Against the Current, No. 60, January/February 1996

Against the Current, No. 60, January/February 1996

Budget Wrestlemania

— The Editors

WHILE FRENCH LABOR responded to social security and welfare cuts with a paralyzing public workers' strike--throwing into turmoil not only the Chirac government's plans, but the whole project of a capitalist unified Europe--the U.S. picture could hardly have been more different. Republicans and Democrats engaged in a budget wrestlemania, complete with ritual woofing and barking and hero-versus-villain casting, but ninety percent of it a phony war. Indeed, the whole conflict between Clinton and the Republicans over the 1996 budget should help convince those still hopeful about Clinton that a strategy of supporting Clinton and the Democrats is a loser....

Labor's Wars

— The Editors

AS WE GO to press, U.S. labor has absorbed one of its more bitter defeats since the loss of the Hormel strike. The United Auto Workers returned to work at Caterpillar after seventeen months on strike, with no contract and no redress of the grievances that caused the walkout....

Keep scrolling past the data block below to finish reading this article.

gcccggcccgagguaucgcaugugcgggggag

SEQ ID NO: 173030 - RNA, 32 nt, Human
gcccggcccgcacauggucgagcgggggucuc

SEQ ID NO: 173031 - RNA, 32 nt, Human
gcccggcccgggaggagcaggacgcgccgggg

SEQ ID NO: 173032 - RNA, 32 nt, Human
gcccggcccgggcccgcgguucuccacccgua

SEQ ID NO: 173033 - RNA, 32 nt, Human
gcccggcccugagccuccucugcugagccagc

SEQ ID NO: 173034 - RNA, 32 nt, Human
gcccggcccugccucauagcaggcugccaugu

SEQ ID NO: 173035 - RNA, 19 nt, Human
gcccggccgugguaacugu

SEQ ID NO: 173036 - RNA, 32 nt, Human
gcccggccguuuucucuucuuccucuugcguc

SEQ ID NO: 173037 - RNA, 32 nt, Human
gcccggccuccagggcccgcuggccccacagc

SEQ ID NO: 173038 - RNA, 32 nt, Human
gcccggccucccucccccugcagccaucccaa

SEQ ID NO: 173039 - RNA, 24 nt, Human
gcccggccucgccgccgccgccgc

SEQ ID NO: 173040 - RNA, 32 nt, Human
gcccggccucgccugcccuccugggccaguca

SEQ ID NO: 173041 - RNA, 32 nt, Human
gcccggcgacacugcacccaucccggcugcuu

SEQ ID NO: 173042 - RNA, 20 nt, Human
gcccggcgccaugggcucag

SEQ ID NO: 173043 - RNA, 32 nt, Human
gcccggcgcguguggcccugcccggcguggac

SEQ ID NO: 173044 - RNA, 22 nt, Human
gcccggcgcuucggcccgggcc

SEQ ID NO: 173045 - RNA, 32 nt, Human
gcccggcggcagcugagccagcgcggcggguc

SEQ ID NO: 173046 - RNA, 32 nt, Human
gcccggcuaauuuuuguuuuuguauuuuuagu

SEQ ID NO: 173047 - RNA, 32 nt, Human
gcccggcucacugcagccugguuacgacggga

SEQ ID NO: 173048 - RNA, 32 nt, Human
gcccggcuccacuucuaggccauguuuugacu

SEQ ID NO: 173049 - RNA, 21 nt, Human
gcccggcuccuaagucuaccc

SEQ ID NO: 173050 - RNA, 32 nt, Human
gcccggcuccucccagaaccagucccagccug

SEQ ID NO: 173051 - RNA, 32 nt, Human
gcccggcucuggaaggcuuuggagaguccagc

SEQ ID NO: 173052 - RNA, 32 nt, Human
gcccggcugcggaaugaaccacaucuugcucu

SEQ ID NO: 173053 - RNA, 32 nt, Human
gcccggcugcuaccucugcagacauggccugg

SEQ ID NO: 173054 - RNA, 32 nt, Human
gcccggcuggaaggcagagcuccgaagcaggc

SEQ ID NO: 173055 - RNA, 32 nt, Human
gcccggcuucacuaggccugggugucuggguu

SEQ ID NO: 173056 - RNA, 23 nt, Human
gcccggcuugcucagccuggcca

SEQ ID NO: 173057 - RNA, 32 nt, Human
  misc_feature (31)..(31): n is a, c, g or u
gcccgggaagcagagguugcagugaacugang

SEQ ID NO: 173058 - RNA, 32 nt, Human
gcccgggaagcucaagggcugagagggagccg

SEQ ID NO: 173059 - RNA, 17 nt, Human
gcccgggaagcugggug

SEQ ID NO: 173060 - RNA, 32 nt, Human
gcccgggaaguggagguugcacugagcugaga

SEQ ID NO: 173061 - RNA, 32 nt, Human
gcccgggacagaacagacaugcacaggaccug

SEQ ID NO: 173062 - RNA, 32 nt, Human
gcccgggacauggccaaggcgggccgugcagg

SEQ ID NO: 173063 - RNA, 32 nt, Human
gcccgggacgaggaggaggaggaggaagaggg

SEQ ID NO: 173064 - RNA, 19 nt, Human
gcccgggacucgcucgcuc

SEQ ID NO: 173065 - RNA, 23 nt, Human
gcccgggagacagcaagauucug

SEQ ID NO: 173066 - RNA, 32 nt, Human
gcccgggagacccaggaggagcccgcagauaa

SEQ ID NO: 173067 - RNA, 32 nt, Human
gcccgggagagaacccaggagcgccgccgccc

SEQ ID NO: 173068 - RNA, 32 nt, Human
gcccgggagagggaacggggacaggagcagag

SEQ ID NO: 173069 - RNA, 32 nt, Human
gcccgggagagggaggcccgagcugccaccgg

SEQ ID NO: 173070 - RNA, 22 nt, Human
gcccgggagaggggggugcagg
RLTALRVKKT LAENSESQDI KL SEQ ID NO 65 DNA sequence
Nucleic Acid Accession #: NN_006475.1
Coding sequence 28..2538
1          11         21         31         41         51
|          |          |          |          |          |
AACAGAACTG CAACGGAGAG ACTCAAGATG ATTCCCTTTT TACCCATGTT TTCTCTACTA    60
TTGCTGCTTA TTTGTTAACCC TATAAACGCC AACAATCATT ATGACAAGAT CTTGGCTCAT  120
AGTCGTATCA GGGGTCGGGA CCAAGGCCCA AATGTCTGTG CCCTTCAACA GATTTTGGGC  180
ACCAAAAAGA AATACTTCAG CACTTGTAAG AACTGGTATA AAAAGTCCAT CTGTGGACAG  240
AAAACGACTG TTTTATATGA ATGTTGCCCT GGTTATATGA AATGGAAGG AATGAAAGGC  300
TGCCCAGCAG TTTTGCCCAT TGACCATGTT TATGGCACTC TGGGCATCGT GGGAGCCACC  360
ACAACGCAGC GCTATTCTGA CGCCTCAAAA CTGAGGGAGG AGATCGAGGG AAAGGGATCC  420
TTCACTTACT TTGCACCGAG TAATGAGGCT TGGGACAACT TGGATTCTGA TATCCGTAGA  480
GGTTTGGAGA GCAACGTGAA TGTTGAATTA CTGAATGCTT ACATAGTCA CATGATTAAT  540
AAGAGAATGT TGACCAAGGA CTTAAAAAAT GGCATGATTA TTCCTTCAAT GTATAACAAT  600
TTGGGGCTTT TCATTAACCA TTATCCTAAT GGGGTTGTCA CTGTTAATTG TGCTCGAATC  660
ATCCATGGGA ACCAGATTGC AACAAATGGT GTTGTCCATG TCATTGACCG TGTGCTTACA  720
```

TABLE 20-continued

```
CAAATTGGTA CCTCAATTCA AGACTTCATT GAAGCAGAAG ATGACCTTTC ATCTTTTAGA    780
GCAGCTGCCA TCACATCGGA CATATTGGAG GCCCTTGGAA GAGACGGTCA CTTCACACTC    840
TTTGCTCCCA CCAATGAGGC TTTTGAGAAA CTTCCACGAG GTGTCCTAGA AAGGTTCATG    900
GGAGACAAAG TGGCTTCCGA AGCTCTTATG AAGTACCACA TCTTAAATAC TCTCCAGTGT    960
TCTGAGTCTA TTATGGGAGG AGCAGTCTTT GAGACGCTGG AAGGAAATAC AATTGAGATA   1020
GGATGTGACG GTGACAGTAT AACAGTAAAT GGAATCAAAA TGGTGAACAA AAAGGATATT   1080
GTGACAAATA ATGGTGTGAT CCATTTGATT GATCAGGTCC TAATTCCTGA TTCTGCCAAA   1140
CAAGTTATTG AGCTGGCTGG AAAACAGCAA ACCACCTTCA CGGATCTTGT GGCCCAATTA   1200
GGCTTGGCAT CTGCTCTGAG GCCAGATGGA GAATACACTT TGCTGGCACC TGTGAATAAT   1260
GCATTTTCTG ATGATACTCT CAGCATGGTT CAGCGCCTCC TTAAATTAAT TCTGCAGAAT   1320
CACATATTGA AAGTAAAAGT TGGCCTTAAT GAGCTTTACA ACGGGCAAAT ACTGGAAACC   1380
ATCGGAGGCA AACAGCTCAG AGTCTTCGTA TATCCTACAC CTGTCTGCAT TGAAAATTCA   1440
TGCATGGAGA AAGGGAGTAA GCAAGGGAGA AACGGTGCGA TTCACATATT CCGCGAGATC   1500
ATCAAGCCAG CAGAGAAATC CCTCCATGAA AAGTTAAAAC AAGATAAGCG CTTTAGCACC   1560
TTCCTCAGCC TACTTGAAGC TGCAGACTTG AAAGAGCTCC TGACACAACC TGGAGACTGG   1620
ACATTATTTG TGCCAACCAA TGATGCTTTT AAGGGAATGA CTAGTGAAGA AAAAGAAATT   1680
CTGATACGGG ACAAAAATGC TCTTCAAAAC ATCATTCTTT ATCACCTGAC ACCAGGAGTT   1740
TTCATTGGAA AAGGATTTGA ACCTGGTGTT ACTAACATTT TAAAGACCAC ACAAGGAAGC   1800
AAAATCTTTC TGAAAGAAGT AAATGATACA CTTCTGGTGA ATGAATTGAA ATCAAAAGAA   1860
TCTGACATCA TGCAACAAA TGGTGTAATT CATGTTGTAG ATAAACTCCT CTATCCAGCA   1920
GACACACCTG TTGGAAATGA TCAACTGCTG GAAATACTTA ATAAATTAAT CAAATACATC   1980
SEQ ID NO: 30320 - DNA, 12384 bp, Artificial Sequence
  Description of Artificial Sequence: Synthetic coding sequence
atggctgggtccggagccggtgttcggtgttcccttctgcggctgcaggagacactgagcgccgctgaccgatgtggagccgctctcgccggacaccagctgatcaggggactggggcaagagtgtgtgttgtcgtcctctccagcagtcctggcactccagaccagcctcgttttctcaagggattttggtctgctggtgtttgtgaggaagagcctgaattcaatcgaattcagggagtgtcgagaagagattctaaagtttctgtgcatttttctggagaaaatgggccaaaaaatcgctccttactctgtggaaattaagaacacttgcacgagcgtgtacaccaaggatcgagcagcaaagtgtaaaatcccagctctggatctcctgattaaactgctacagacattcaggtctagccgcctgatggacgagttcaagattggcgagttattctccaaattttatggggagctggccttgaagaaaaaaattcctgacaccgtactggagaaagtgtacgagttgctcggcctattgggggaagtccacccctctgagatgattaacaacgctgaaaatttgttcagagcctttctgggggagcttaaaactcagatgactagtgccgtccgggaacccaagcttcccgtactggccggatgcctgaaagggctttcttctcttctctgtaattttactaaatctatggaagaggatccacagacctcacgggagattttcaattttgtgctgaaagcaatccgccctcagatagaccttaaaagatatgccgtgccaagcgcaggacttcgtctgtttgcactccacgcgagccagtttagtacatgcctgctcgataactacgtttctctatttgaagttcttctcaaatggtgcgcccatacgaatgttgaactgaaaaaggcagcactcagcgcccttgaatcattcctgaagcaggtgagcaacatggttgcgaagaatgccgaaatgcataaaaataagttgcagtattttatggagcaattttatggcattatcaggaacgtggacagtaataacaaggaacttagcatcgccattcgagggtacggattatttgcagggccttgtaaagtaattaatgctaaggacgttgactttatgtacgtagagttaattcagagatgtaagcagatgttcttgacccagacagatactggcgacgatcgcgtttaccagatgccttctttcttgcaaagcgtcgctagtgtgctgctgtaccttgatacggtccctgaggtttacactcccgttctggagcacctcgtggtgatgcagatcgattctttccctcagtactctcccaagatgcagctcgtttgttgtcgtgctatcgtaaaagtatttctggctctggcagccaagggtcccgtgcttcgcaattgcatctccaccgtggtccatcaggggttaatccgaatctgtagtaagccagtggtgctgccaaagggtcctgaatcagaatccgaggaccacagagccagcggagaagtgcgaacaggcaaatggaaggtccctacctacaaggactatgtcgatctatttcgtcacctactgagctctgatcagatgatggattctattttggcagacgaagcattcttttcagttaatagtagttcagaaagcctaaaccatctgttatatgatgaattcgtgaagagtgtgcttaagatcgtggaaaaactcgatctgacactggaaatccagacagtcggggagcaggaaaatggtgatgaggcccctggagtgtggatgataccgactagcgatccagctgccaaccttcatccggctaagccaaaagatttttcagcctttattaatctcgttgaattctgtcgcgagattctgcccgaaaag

Quebec After the Referendum

— Michel Lafitte

THE NARROW VICTORY of the federalist forces--50.47% to 49.53%--in the October 30 referendum on Quebec sovereignty is seen by all the social movements as one more bitter defeat. For the moment depression prevails, whether in the trade unions, feminist movement, or popular movement in Quebec.

We know very well that this defeat for the spirited forces of our small Quebecois nation of seven million brings the strong risk of opening the floodgate to the neoliberal offensive, something the big Canadian bourgeoisie wants very badly....

Lessons of the Chiapas Uprising

— James Petras and Steve Vieux